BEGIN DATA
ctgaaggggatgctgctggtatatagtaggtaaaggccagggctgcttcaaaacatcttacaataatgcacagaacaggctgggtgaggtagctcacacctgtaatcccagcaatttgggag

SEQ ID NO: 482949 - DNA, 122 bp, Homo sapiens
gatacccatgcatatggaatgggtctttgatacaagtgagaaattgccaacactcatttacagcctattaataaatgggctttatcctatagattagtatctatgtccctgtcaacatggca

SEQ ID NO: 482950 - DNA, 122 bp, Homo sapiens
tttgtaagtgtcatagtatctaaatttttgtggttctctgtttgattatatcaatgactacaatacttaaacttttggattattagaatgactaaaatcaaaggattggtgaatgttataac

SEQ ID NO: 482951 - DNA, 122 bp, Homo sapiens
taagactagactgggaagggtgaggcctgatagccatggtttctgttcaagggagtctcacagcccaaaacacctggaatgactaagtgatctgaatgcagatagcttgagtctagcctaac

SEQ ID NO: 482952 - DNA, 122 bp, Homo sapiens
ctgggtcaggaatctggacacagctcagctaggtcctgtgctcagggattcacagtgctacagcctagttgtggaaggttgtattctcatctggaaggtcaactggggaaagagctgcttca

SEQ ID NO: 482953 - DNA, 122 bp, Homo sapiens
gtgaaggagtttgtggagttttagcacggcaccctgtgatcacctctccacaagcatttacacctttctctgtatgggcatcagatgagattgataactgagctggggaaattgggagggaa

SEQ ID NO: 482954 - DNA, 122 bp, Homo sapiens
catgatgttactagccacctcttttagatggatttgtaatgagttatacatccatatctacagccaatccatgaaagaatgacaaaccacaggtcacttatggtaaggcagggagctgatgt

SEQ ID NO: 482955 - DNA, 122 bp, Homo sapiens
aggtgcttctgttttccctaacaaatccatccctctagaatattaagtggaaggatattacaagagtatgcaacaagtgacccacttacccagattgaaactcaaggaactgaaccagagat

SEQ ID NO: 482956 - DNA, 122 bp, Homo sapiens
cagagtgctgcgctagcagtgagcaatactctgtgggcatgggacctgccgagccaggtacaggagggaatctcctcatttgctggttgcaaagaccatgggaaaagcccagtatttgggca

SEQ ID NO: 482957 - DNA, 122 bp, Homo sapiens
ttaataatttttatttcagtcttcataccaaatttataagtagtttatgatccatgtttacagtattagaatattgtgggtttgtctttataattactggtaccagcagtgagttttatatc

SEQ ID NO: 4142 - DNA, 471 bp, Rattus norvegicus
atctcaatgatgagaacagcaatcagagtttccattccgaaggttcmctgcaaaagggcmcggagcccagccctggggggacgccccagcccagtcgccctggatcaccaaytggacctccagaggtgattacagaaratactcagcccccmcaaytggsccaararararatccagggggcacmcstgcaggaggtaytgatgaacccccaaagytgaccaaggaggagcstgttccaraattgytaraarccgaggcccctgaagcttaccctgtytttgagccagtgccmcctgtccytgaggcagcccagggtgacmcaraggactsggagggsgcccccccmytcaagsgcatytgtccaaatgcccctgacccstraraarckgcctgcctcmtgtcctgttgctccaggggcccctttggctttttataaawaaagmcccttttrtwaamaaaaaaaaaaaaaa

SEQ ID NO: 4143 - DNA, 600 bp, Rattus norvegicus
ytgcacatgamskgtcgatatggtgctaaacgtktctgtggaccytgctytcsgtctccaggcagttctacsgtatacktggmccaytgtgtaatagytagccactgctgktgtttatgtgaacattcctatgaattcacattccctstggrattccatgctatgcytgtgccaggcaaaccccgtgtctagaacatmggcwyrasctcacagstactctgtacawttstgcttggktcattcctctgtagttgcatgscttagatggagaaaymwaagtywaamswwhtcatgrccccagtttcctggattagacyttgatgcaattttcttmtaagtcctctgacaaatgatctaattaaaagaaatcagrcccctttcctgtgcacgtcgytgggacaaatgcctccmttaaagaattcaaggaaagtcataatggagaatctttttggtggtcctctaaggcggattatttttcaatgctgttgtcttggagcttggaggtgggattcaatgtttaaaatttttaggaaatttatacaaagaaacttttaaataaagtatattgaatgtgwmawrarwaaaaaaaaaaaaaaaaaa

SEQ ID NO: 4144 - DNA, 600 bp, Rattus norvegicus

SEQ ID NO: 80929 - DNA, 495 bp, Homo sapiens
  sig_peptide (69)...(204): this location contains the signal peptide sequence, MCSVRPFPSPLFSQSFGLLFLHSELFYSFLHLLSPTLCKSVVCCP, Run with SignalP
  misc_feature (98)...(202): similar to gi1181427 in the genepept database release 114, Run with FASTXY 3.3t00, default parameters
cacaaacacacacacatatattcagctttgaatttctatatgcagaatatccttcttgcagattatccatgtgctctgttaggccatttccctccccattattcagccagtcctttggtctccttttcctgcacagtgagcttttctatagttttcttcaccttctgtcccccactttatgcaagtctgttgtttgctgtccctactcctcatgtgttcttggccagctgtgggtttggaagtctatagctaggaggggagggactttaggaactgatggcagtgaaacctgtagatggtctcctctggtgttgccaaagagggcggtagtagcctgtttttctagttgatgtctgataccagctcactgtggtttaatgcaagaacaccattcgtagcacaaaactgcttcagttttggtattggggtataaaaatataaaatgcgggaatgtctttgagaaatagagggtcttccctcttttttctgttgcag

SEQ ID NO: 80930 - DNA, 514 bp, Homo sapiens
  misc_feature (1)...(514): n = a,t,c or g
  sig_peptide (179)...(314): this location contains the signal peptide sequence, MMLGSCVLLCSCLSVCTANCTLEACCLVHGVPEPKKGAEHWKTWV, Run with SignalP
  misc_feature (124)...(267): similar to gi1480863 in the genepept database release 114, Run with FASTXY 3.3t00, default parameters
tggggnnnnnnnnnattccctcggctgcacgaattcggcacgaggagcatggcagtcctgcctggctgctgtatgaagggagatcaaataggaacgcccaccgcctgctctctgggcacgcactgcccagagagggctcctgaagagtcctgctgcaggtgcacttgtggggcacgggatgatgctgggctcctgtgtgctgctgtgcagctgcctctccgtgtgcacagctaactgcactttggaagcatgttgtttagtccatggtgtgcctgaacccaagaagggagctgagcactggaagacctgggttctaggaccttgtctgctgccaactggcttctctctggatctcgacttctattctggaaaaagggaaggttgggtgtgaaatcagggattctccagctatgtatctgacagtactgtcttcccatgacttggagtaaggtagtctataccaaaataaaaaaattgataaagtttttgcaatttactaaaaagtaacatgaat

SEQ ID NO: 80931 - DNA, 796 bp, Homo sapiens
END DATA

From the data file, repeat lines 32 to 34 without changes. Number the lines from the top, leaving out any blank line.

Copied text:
  misc_feature (124)...(267): similar to gi1480863 in the genepept database release 114, Run with FASTXY 3.3t00, default parameters
tggggnnnnnnnnnattccctcggctgcacgaattcggcacgaggagcatggcagtcctgcctggctgctgtatgaagggagatcaaataggaacgcccaccgcctgctctctgggcacgcactgcccagagagggctcctgaagagtcctgctgcaggtgcacttgtggggcacgggatgatgctgggctcctgtgtgctgctgtgcagctgcctctccgtgtgcacagctaactgcactttggaagcatgttgtttagtccatggtgtgcctgaacccaagaagggagctgagcactggaagacctgggttctaggaccttgtctgctgccaactggcttctctctggatctcgacttctattctggaaaaagggaaggttgggtgtgaaatcagggattctccagctatgtatctgacagtactgtcttcccatgacttggagtaaggtagtctataccaaaataaaaaaattgataaagtttttgcaatttactaaaaagtaacatgaat

SEQ ID NO: 80931 - DNA, 796 bp, Homo sapiens